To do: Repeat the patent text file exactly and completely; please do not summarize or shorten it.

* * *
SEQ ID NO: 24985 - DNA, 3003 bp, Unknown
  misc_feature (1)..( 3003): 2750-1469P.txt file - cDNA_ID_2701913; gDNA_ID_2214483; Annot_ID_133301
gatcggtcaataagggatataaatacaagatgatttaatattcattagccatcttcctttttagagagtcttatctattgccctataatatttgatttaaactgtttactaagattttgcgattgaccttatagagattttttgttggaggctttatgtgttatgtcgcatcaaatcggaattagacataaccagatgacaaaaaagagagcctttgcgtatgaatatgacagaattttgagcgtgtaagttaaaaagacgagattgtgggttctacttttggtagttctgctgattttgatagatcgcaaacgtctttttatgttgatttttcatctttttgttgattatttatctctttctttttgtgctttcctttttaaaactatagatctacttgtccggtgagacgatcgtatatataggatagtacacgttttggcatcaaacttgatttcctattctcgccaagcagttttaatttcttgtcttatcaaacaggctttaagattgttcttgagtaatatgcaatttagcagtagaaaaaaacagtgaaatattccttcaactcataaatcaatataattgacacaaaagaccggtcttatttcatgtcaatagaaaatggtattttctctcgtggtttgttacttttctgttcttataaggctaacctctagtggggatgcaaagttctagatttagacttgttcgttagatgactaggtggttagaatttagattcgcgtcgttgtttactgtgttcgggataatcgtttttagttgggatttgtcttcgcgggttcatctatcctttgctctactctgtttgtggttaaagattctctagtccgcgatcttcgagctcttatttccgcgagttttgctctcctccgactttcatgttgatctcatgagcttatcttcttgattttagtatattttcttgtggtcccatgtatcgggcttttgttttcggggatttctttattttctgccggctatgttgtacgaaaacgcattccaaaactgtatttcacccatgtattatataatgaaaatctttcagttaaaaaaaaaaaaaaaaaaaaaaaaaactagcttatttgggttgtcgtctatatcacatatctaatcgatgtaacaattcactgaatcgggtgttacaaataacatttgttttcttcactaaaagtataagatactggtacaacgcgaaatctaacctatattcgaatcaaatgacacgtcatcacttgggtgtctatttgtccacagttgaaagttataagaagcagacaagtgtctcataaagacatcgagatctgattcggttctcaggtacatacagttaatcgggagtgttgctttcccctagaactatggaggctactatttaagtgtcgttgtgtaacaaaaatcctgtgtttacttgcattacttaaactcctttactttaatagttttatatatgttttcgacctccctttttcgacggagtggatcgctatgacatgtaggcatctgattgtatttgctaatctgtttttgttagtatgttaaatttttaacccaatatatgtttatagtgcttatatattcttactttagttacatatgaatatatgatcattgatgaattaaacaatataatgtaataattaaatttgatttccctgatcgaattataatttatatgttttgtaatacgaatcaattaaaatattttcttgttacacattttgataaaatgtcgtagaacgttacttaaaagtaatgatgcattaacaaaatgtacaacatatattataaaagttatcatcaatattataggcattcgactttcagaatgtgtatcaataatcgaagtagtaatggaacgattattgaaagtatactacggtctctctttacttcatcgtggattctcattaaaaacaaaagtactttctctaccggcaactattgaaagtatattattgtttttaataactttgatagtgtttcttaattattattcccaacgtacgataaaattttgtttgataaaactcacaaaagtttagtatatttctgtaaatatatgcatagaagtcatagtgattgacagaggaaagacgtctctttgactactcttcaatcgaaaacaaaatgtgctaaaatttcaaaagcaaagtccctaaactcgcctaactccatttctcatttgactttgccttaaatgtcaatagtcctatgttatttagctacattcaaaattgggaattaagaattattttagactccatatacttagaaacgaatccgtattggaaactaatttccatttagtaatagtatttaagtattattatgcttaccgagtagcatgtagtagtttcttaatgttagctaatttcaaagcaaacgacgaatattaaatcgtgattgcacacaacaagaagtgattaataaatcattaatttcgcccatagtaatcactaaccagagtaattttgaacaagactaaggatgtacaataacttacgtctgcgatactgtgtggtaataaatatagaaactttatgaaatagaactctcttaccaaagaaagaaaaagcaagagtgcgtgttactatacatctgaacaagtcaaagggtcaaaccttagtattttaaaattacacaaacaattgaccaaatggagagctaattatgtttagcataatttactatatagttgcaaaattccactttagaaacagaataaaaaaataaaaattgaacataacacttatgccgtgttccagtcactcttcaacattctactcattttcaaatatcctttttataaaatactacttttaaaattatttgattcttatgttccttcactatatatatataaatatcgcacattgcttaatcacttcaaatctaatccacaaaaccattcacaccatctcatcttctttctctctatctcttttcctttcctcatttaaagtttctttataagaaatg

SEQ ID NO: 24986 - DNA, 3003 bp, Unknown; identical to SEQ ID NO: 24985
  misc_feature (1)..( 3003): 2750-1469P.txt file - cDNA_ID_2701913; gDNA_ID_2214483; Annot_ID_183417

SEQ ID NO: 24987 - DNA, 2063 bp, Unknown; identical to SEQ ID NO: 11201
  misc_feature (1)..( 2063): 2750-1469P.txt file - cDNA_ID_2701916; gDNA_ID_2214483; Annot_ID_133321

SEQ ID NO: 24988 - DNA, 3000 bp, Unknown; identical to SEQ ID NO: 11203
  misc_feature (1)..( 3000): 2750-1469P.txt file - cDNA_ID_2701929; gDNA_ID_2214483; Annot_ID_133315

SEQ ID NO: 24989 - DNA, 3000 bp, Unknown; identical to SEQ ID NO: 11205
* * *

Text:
SEQ ID NO: 24985 - DNA, 3003 bp, Unknown
  misc_feature (1)..( 3003): 2750-1469P.txt file - cDNA_ID_2701913; gDNA_ID_2214483; Annot_ID_133301
gatcggtcaataagggatataaatacaagatgatttaatattcattagccatcttcctttttagagagtcttatctattgccctataatatttgatttaaactgtttactaagattttgcgattgaccttatagagattttttgttggaggctttatgtgttatgtcgcatcaaatcggaattagacataaccagatgacaaaaaagagagcctttgcgtatgaatatgacagaattttgagcgtgtaagttaaaaagacgagattgtgggttctacttttggtagttctgctgattttgatagatcgcaaacgtctttttatgttgatttttcatctttttgttgattatttatctctttctttttgtgctttcctttttaaaactatagatctacttgtccggtgagacgatcgtatatataggatagtacacgttttggcatcaaacttgatttcctattctcgccaagcagttttaatttcttgtcttatcaaacaggctttaagattgttcttgagtaatatgcaatttagcagtagaaaaaaacagtgaaatattccttcaactcataaatcaatataattgacacaaaagaccggtcttatttcatgtcaatagaaaatggtattttctctcgtggtttgttacttttctgttcttataaggctaacctctagtggggatgcaaagttctagatttagacttgttcgttagatgactaggtggttagaatttagattcgcgtcgttgtttactgtgttcgggataatcgtttttagttgggatttgtcttcgcgggttcatctatcctttgctctactctgtttgtggttaaagattctctagtccgcgatcttcgagctcttatttccgcgagttttgctctcctccgactttcatgttgatctcatgagcttatcttcttgattttagtatattttcttgtggtcccatgtatcgggcttttgttttcggggatttctttattttctgccggctatgttgtacgaaaacgcattccaaaactgtatttcacccatgtattatataatgaaaatctttcagttaaaaaaaaaaaaaaaaaaaaaaaaaactagcttatttgggttgtcgtctatatcacatatctaatcgatgtaacaattcactgaatcgggtgttacaaataacatttgttttcttcactaaaagtataagatactggtacaacgcgaaatctaacctatattcgaatcaaatgacacgtcatcacttgggtgtctatttgtccacagttgaaagttataagaagcagacaagtgtctcataaagacatcgagatctgattcggttctcaggtacatacagttaatcgggagtgttgctttcccctagaactatggaggctactatttaagtgtcgttgtgtaacaaaaatcctgtgtttacttgcattacttaaactcctttactttaatagttttatatatgttttcgacctccctttttcgacggagtggatcgctatgacatgtaggcatctgattgtatttgctaatctgtttttgttagtatgttaaatttttaacccaatatatgtttatagtgcttatatattcttactttagttacatatgaatatatgatcattgatgaattaaacaatataatgtaataattaaatttgatttccctgatcgaattataatttatatgttttgtaatacgaatcaattaaaatattttcttgttacacattttgataaaatgtcgtagaacgttacttaaaagtaatgatgcattaacaaaatgtacaacatatattataaaagttatcatcaatattataggcattcgactttcagaatgtgtatcaataatcgaagtagtaatggaacgattattgaaagtatactacggtctctctttacttcatcgtggattctcattaaaaacaaaagtactttctctaccggcaactattgaaagtatattattgtttttaataactttgatagtgtttcttaattattattcccaacgtacgataaaattttgtttgataaaactcacaaaagtttagtatatttctgtaaatatatgcatagaagtcatagtgattgacagaggaaagacgtctctttgactactcttcaatcgaaaacaaaatgtgctaaaatttcaaaagcaaagtccctaaactcgcctaactccatttctcatttgactttgccttaaatgtcaatagtcctatgttatttagctacattcaaaattgggaattaagaattattttagactccatatacttagaaacgaatccgtattggaaactaatttccatttagtaatagtatttaagtattattatgcttaccgagtagcatgtagtagtttcttaatgttagctaatttcaaagcaaacgacgaatattaaatcgtgattgcacacaacaagaagtgattaataaatcattaatttcgcccatagtaatcactaaccagagtaattttgaacaagactaaggatgtacaataacttacgtctgcgatactgtgtggtaataaatatagaaactttatgaaatagaactctcttaccaaagaaagaaaaagcaagagtgcgtgttactatacatctgaacaagtcaaagggtcaaaccttagtattttaaaattacacaaacaattgaccaaatggagagctaattatgtttagcataatttactatatagttgcaaaattccactttagaaacagaataaaaaaataaaaattgaacataacacttatgccgtgttccagtcactcttcaacattctactcattttcaaatatcctttttataaaatactacttttaaaattatttgattcttatgttccttcactatatatatataaatatcgcacattgcttaatcacttcaaatctaatccacaaaaccattcacaccatctcatcttctttctctctatctcttttcctttcctcatttaaagtttctttataagaaatg

SEQ ID NO: 24986 - DNA, 3003 bp, Unknown; identical to SEQ ID NO: 24985
  misc_feature (1)..( 3003): 2750-1469P.txt file - cDNA_ID_2701913; gDNA_ID_2214483; Annot_ID_183417

SEQ ID NO: 24987 - DNA, 2063 bp, Unknown; identical to SEQ ID NO: 11201
  misc_feature (1)..( 2063): 2750-1469P.txt file - cDNA_ID_2701916; gDNA_ID_2214483; Annot_ID_133321

SEQ ID NO: 24988 - DNA, 3000 bp, Unknown; identical to SEQ ID NO: 11203
  misc_feature (1)..( 3000): 2750-1469P.txt file - cDNA_ID_2701929; gDNA_ID_2214483; Annot_ID_133315

SEQ ID NO: 24989 - DNA, 3000 bp, Unknown; identical to SEQ ID NO: 11205